Paul P. Gibbs
Biography: Paul Porter Gibbs was born on January 1, 1919, in Duluth, Minnesota. He was the son of Paul P. Gibbs Sr. and Ellen V. Clifton and attended local schools, graduating in 1939. He then worked as a tractor operator.
Service Time: Paul entered the service on March 12, 1941, at Fort Snelling, MN. After his basic training, he was ultimately assigned to the Reconnaissance Company of the 776th Tank Destroyer Battalion and trained with them at various facilities within the U.S. Paul received additional training and functioned as a radio operator.
Various components of the 776th began assignments as coastal and installation guards in various locations in the Northwest. They also trained at Camp Hood, Texas and on January 14, 1943, they shipped out from the New York Port of Embarkation, arriving at Casablanca, French Morocco on the 25th. They fought in the area of Maknassy and Ferryville, Tunisia. Eighteen enlisted men participated in the Sicily, Italy, campaign as radio operators and military police.
The unit debarked in the vicinity of Cappaci, Italy, beginning on September 19th. Paul recalled that on the 29th, while traveling in a half-track driven by Rico (T/5 Amerigo Benedetti) along the Salerno beachhead, he, along with five others were blown out of the vehicle when it hit a mine. Additional men in the vehicle were 1st Lt. Paul R. Brunt, who was the Platoon Commander, 1st Lt. Sheldon L. Thompson, the Company Commander, Leslie J. Racine and a sixth soldier. All of the men were injured but Lt. Thompson was seriously wounded and had to be evacuated back to the beachhead. He was eventually taken to a hospital ship bound for Algiers in North Africa. Paul had shrapnel wounds in his legs and was stiff and sore from the incident but was able to rejoin his unit six weeks later.
The main body was committed near Rotondi October 10, 1943, where it supported the Volturno River crossing. They supported the Rapido River crossing and fought near Cassino January–March 1944. They joined the breakthrough of the Hitler Line in May, 1944, and entered Rome on June 4th, later joining the drive to the Arno River. Transferring to southern France in September–October, 1944, they received M36 tank destroyers during this period. The 776th moved into the line near Luneville on October 30th and supported the French 2d Armored Division advance to Strasbourg in November. Battling the German Nordwind offensive around Rimling, France, in January 1945, they claimed the first Jagdtiger destroyed on the Western front. They attacked the Siegfried Line near Omersheim, Germany, and crossed the Rhine River near Worms in March. The unit aided in the capture of Mannheim, Heidelberg, and Ulm, Germany, and crossed Danube in April, ending the war in Ehrwald, Austria.
Paul was looking forward to shipping home but he was selected as part of a cadre to go to the Pacific war zone. Once the Atomic Bombs were dropped, it became difficult for the men to find transportation home since they were no longer part of the 776th. After many delays, Paul finally arrived home on October 7th and was discharged on the 14th at Camp McCoy, Wisconsin. He left the service at the rank of Technician 4th Grade and received credit for campaigns in Tunisia, Rome-Arno, Naples-Foggia, Rhineland and Central Europe. He was awarded the EAME, American Defense and the Good Conduct medals and received the Purple Heart for wounds he suffered in Italy. He also shared in the unit’s award of the Presidential Unit Citation.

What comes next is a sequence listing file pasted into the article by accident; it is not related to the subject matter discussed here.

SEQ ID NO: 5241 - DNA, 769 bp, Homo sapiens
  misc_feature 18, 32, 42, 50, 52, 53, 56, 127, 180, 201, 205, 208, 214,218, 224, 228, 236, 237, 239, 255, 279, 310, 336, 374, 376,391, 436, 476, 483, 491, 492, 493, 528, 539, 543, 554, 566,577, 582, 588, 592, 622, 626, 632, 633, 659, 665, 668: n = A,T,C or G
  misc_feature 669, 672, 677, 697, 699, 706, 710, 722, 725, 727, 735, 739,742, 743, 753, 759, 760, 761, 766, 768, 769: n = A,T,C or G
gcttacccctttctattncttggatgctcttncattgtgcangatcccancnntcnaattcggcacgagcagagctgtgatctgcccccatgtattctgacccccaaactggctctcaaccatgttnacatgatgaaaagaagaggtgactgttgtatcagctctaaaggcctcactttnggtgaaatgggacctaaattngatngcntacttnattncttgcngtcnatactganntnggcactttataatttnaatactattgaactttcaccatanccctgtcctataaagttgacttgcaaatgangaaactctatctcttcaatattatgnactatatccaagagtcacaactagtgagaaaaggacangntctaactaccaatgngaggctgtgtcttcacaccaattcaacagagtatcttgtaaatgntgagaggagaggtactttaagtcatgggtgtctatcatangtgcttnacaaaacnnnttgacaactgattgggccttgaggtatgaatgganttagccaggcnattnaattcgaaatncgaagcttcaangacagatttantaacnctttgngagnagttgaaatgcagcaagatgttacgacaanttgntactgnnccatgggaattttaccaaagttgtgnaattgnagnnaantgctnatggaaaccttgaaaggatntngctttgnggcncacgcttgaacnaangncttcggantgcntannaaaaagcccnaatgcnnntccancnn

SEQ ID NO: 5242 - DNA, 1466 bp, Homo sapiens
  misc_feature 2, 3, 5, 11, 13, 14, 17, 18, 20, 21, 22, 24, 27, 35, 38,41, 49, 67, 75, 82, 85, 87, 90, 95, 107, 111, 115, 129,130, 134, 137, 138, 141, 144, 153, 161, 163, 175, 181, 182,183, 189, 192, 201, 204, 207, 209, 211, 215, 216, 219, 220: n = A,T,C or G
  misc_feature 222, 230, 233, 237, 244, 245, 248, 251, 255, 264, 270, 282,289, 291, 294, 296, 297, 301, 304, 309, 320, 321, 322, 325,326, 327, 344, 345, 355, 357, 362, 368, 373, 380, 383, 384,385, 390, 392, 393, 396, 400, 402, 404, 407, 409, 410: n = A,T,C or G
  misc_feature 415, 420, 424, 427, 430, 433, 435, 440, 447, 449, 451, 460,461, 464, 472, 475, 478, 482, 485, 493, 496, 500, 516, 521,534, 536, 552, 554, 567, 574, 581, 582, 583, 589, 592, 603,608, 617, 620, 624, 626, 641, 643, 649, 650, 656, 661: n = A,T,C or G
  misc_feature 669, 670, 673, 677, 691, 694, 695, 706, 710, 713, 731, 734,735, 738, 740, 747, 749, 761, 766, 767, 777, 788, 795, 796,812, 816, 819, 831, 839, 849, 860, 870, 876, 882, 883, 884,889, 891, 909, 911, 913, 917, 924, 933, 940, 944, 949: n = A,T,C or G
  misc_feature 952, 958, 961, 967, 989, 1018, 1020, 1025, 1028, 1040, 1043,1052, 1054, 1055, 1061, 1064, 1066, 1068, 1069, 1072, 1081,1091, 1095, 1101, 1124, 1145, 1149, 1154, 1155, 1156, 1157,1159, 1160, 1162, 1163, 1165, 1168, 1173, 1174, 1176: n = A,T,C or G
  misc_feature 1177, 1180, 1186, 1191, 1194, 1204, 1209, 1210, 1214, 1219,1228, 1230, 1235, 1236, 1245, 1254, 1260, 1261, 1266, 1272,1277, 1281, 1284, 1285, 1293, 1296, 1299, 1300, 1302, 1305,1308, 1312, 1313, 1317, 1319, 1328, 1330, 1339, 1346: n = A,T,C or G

Paul returned home to Duluth and would marry begin taking flying lessons and after receiving his pilot’s license, he used his G.I. Bill benefits to pursue a commercial license and instructor rating in El Monte, California, which he did at the end of June 1947. An instructor’s job was waiting for him in Wisconsin and he achieved all the airplane and instructor ratings possible over the course of his 20-year flying career. After many adventures, he ended his flying at the age of 45. Paul had also entered into marriage with Marcella, which would later end.
He moved to Benson, MN, in May of 1964, and started a discount store, which was very successful for 11 years. He then moved to Santa Barbara, California and purchased a sports bar, which was eventually managed by his daughter during his retirement. Paul continued as owner for 36 years. In his spare time, Paul enjoyed golfing, skiing and travel. In 1989, he began a relationship with his new neighbor Laura, which would later blossom into marriage in 1991.
In 1992, Paul reached out to Betty Liegel, who was the wife of Headquarters Company soldier Albert A. Liegel. The couple were highly involved in the 776th’s reunion group and put out the unit’s “Tiger Tracks” newsletter. Paul was able to reconnect with a number of members of the unit and attend the unit’s reunion in Cedar Rapids,Iowa. The letter he sent to Betty also provided additional details of his service time and life after the war.
Paul passed away on November 23, 2007, and was cremated. His remains were spread at sea off the coast of Santa Barbara, CA. The following poem, “Ode to Paul Gibbs” was written by Tom Norman on July 18, 2008.
I want to thank Paul’s wife, Laura, for providing the information and photos used in this tribute.